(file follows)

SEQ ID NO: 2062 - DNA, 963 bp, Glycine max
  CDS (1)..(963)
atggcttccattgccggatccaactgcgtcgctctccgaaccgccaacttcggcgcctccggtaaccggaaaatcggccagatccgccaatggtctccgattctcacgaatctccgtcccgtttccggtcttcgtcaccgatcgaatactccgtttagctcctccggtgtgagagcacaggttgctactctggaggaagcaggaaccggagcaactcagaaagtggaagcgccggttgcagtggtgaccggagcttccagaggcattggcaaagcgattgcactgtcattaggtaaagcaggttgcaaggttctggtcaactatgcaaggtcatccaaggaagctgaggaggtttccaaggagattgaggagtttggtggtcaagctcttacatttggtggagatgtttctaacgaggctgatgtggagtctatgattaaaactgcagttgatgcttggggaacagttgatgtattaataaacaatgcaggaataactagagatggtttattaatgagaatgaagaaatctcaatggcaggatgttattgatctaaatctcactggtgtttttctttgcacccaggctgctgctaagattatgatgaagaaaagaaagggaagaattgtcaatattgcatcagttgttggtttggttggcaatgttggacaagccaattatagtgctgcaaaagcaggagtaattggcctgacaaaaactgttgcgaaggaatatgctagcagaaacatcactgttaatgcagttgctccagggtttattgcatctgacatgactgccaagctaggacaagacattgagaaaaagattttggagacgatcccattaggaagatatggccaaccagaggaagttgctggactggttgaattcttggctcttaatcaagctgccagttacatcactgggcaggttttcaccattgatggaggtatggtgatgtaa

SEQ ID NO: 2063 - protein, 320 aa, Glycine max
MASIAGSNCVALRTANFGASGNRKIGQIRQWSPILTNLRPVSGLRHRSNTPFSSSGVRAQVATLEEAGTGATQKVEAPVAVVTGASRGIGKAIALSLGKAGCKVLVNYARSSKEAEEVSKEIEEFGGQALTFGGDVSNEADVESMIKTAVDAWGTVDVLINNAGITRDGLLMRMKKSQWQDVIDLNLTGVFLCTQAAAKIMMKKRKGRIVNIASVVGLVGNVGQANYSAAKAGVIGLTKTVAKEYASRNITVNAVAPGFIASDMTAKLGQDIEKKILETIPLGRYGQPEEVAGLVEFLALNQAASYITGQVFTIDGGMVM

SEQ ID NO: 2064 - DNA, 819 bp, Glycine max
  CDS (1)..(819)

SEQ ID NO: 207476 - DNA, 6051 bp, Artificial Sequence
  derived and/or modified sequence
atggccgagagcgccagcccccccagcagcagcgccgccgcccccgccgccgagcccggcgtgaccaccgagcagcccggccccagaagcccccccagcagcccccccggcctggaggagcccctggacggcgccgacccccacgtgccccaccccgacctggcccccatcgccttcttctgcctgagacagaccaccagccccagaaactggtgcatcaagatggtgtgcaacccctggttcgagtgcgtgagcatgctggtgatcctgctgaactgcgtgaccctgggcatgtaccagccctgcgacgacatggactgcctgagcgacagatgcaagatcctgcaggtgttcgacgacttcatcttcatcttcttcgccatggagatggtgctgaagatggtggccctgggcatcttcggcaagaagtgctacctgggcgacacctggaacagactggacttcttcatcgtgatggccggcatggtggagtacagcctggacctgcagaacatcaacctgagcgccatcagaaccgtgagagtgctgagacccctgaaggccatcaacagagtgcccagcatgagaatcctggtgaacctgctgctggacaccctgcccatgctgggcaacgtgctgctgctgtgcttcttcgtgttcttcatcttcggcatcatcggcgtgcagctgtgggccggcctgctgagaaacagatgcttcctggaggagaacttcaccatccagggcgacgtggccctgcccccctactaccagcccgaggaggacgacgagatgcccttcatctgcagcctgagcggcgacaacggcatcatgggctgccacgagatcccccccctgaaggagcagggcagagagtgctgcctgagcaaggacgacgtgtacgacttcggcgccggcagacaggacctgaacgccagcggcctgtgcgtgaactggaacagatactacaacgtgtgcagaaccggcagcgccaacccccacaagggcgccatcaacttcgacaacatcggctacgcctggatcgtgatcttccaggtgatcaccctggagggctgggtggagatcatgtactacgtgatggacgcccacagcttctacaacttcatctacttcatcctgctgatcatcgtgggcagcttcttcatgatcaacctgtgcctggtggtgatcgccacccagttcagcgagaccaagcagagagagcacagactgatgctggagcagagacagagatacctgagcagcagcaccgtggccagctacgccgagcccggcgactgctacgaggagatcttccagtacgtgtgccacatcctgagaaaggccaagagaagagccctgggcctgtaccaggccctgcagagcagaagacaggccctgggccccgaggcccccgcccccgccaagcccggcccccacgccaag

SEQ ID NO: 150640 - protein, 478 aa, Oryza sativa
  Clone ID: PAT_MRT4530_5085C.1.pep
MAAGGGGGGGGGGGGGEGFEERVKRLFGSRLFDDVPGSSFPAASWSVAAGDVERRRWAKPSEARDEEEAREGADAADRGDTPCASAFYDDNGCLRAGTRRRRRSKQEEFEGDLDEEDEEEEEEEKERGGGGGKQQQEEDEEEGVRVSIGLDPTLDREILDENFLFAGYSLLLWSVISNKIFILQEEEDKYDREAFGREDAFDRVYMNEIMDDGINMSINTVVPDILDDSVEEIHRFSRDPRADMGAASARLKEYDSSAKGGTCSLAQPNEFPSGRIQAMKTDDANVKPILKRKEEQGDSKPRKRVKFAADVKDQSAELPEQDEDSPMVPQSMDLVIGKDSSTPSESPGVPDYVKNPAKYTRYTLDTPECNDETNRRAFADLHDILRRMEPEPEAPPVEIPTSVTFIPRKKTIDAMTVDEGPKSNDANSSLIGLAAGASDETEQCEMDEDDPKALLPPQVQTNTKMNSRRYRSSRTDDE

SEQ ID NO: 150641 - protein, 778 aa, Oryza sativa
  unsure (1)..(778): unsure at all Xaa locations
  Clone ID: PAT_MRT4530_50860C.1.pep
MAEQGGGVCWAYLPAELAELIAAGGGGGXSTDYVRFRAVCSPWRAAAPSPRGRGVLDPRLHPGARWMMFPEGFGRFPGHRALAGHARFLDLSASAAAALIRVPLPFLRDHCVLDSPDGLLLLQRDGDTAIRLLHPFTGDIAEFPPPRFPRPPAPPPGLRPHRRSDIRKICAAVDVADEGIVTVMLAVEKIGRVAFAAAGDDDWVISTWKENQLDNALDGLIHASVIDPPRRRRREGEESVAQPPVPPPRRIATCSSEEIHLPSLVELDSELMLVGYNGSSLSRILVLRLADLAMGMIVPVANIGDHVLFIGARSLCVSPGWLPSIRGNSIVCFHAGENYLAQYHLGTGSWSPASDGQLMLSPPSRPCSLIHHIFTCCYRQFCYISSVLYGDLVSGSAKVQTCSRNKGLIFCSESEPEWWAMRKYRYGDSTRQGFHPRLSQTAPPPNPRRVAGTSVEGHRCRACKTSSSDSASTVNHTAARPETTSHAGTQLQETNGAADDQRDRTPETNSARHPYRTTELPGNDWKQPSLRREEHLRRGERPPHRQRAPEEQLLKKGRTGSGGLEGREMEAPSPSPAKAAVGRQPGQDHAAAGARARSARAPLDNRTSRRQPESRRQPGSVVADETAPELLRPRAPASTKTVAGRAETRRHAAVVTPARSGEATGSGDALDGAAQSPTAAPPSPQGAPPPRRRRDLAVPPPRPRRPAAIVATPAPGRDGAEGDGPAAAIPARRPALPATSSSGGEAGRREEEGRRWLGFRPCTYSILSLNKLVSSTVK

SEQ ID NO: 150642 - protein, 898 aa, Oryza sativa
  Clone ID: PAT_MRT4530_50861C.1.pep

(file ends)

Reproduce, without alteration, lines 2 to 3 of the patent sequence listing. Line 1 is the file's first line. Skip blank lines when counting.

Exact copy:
  CDS (1)..(963)
atggcttccattgccggatccaactgcgtcgctctccgaaccgccaacttcggcgcctccggtaaccggaaaatcggccagatccgccaatggtctccgattctcacgaatctccgtcccgtttccggtcttcgtcaccgatcgaatactccgtttagctcctccggtgtgagagcacaggttgctactctggaggaagcaggaaccggagcaactcagaaagtggaagcgccggttgcagtggtgaccggagcttccagaggcattggcaaagcgattgcactgtcattaggtaaagcaggttgcaaggttctggtcaactatgcaaggtcatccaaggaagctgaggaggtttccaaggagattgaggagtttggtggtcaagctcttacatttggtggagatgtttctaacgaggctgatgtggagtctatgattaaaactgcagttgatgcttggggaacagttgatgtattaataaacaatgcaggaataactagagatggtttattaatgagaatgaagaaatctcaatggcaggatgttattgatctaaatctcactggtgtttttctttgcacccaggctgctgctaagattatgatgaagaaaagaaagggaagaattgtcaatattgcatcagttgttggtttggttggcaatgttggacaagccaattatagtgctgcaaaagcaggagtaattggcctgacaaaaactgttgcgaaggaatatgctagcagaaacatcactgttaatgcagttgctccagggtttattgcatctgacatgactgccaagctaggacaagacattgagaaaaagattttggagacgatcccattaggaagatatggccaaccagaggaagttgctggactggttgaattcttggctcttaatcaagctgccagttacatcactgggcaggttttcaccattgatggaggtatggtgatgtaa